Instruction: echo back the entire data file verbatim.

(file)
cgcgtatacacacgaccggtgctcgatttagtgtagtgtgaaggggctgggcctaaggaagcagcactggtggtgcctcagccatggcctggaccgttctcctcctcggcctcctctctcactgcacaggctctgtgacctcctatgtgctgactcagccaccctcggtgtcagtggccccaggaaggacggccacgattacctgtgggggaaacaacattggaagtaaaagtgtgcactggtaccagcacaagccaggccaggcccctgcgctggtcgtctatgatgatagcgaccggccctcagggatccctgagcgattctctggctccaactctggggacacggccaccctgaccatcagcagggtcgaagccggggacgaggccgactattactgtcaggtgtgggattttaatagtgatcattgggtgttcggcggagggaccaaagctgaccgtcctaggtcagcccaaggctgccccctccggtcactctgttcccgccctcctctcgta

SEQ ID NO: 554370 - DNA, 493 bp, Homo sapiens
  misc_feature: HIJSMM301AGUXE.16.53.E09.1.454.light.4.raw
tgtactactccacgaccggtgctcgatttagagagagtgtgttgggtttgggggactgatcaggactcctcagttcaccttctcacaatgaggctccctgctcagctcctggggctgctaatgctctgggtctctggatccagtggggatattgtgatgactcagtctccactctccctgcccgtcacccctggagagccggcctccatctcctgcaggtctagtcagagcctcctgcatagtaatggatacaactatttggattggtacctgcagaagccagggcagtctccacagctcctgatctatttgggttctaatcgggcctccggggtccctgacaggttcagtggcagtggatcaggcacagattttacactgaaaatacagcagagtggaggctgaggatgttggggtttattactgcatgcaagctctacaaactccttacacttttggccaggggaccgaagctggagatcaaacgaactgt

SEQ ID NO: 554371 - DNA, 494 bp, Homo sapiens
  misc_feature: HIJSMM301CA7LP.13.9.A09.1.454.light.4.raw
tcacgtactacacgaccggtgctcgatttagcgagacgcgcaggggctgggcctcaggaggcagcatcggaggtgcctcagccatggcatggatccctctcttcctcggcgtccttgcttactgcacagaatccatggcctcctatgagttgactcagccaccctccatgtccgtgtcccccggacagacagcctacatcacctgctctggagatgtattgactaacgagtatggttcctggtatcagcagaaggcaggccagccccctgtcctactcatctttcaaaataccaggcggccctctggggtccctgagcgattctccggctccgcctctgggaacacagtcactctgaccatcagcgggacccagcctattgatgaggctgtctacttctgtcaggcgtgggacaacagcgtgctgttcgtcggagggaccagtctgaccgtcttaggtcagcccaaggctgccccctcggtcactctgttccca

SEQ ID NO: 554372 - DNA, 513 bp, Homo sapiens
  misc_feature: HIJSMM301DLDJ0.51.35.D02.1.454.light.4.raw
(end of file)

cgcgtatacacacgaccggtgctcgatttagtgtagtgtgaaggggctgggcctaaggaagcagcactggtggtgcctcagccatggcctggaccgttctcctcctcggcctcctctctcactgcacaggctctgtgacctcctatgtgctgactcagccaccctcggtgtcagtggccccaggaaggacggccacgattacctgtgggggaaacaacattggaagtaaaagtgtgcactggtaccagcacaagccaggccaggcccctgcgctggtcgtctatgatgatagcgaccggccctcagggatccctgagcgattctctggctccaactctggggacacggccaccctgaccatcagcagggtcgaagccggggacgaggccgactattactgtcaggtgtgggattttaatagtgatcattgggtgttcggcggagggaccaaagctgaccgtcctaggtcagcccaaggctgccccctccggtcactctgttcccgccctcctctcgta

SEQ ID NO: 554370 - DNA, 493 bp, Homo sapiens
  misc_feature: HIJSMM301AGUXE.16.53.E09.1.454.light.4.raw
tgtactactccacgaccggtgctcgatttagagagagtgtgttgggtttgggggactgatcaggactcctcagttcaccttctcacaatgaggctccctgctcagctcctggggctgctaatgctctgggtctctggatccagtggggatattgtgatgactcagtctccactctccctgcccgtcacccctggagagccggcctccatctcctgcaggtctagtcagagcctcctgcatagtaatggatacaactatttggattggtacctgcagaagccagggcagtctccacagctcctgatctatttgggttctaatcgggcctccggggtccctgacaggttcagtggcagtggatcaggcacagattttacactgaaaatacagcagagtggaggctgaggatgttggggtttattactgcatgcaagctctacaaactccttacacttttggccaggggaccgaagctggagatcaaacgaactgt

SEQ ID NO: 554371 - DNA, 494 bp, Homo sapiens
  misc_feature: HIJSMM301CA7LP.13.9.A09.1.454.light.4.raw
tcacgtactacacgaccggtgctcgatttagcgagacgcgcaggggctgggcctcaggaggcagcatcggaggtgcctcagccatggcatggatccctctcttcctcggcgtccttgcttactgcacagaatccatggcctcctatgagttgactcagccaccctccatgtccgtgtcccccggacagacagcctacatcacctgctctggagatgtattgactaacgagtatggttcctggtatcagcagaaggcaggccagccccctgtcctactcatctttcaaaataccaggcggccctctggggtccctgagcgattctccggctccgcctctgggaacacagtcactctgaccatcagcgggacccagcctattgatgaggctgtctacttctgtcaggcgtgggacaacagcgtgctgttcgtcggagggaccagtctgaccgtcttaggtcagcccaaggctgccccctcggtcactctgttccca

SEQ ID NO: 554372 - DNA, 513 bp, Homo sapiens
  misc_feature: HIJSMM301DLDJ0.51.35.D02.1.454.light.4.raw